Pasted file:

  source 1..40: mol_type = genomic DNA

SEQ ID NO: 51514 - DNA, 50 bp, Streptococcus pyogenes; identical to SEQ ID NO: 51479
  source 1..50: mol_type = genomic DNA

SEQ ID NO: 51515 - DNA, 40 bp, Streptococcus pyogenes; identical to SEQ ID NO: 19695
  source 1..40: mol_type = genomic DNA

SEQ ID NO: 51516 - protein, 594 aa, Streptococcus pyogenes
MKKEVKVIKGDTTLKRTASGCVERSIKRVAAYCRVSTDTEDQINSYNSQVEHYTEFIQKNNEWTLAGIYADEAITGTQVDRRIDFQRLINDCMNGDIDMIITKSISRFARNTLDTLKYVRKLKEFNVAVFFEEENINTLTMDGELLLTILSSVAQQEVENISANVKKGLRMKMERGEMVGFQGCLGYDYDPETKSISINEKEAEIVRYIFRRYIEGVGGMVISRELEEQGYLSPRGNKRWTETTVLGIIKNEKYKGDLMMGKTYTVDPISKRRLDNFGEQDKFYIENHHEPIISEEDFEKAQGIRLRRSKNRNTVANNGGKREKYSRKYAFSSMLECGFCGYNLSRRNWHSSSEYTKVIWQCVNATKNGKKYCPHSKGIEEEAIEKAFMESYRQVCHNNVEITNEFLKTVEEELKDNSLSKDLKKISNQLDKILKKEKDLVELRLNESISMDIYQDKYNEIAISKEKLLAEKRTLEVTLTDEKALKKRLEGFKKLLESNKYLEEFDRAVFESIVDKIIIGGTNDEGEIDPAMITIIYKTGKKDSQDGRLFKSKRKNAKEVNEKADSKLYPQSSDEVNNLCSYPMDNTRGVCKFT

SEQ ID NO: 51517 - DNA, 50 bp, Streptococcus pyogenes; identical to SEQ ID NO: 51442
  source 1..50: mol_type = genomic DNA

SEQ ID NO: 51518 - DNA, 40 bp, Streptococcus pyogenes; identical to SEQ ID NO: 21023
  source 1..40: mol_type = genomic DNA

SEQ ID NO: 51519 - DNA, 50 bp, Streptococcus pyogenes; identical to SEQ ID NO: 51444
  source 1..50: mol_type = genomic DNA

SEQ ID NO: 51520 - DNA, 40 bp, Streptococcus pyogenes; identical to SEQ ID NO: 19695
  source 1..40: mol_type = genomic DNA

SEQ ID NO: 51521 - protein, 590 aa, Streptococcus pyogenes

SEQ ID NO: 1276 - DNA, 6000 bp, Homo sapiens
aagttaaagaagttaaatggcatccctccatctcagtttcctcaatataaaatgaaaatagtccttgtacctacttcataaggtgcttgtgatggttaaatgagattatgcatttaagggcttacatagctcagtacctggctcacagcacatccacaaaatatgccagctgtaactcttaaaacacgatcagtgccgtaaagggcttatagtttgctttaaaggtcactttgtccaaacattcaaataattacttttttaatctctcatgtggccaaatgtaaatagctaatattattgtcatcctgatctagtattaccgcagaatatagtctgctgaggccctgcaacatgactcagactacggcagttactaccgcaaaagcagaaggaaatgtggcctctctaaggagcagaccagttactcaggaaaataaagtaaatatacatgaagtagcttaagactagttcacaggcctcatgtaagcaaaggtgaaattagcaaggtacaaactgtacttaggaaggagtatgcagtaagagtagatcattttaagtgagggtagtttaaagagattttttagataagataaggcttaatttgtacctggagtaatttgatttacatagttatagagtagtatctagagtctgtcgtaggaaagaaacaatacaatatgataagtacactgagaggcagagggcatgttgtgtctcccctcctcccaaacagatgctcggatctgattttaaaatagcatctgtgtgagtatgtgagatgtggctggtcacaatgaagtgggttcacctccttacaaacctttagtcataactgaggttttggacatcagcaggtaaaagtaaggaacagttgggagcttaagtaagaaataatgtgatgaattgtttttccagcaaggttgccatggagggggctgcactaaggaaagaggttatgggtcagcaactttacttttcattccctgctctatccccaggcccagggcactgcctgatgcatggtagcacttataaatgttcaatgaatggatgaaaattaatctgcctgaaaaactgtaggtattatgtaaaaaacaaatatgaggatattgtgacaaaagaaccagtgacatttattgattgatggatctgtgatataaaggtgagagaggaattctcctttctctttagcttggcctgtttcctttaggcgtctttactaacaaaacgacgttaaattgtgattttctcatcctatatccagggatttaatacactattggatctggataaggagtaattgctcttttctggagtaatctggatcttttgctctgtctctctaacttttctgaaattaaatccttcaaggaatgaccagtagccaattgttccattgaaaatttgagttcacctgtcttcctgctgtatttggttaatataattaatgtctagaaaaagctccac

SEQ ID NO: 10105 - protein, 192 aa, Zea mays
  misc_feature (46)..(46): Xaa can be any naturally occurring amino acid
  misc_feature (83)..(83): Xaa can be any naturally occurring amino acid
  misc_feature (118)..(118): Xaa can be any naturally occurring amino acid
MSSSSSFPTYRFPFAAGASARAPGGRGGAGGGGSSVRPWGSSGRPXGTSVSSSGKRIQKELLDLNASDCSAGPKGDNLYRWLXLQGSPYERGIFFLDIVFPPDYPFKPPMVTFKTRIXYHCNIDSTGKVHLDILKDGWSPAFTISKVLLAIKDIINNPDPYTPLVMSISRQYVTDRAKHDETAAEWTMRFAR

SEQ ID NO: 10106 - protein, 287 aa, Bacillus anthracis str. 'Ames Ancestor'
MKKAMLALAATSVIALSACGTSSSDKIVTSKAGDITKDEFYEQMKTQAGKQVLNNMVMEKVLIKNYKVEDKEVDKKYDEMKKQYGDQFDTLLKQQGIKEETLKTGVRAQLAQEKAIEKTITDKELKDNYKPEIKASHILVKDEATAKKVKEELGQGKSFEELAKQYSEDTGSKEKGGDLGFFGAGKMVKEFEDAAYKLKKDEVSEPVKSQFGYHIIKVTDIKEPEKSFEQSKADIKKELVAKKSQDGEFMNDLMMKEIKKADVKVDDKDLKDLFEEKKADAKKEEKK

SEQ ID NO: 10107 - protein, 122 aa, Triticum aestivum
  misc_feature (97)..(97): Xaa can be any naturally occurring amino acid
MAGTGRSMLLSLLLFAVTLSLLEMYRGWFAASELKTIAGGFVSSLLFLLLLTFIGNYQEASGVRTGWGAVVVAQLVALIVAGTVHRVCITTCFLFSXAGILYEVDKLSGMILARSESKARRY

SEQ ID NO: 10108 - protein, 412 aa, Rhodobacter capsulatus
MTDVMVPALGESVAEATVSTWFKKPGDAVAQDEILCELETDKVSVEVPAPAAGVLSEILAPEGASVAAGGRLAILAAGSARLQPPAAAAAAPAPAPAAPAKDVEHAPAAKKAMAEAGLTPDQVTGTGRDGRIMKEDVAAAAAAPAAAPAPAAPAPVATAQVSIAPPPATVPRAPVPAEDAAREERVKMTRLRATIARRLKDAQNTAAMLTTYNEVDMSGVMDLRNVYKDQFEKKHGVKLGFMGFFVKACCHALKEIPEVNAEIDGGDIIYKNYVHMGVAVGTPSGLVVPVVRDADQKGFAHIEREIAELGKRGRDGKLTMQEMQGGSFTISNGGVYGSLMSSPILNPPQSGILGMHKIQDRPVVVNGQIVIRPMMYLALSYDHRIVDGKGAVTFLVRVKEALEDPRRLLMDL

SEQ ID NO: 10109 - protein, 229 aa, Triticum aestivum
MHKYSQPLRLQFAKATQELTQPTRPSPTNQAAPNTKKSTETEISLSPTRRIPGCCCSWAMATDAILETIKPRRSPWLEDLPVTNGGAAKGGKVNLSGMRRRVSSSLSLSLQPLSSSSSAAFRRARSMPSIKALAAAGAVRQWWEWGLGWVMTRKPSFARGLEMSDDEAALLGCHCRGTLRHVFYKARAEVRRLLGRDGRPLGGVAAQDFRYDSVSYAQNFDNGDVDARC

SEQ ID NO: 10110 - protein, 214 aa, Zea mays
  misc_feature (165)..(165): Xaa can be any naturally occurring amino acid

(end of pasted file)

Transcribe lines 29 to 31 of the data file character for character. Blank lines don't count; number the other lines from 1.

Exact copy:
SEQ ID NO: 10108 - protein, 412 aa, Rhodobacter capsulatus
MTDVMVPALGESVAEATVSTWFKKPGDAVAQDEILCELETDKVSVEVPAPAAGVLSEILAPEGASVAAGGRLAILAAGSARLQPPAAAAAAPAPAPAAPAKDVEHAPAAKKAMAEAGLTPDQVTGTGRDGRIMKEDVAAAAAAPAAAPAPAAPAPVATAQVSIAPPPATVPRAPVPAEDAAREERVKMTRLRATIARRLKDAQNTAAMLTTYNEVDMSGVMDLRNVYKDQFEKKHGVKLGFMGFFVKACCHALKEIPEVNAEIDGGDIIYKNYVHMGVAVGTPSGLVVPVVRDADQKGFAHIEREIAELGKRGRDGKLTMQEMQGGSFTISNGGVYGSLMSSPILNPPQSGILGMHKIQDRPVVVNGQIVIRPMMYLALSYDHRIVDGKGAVTFLVRVKEALEDPRRLLMDL

SEQ ID NO: 10109 - protein, 229 aa, Triticum aestivum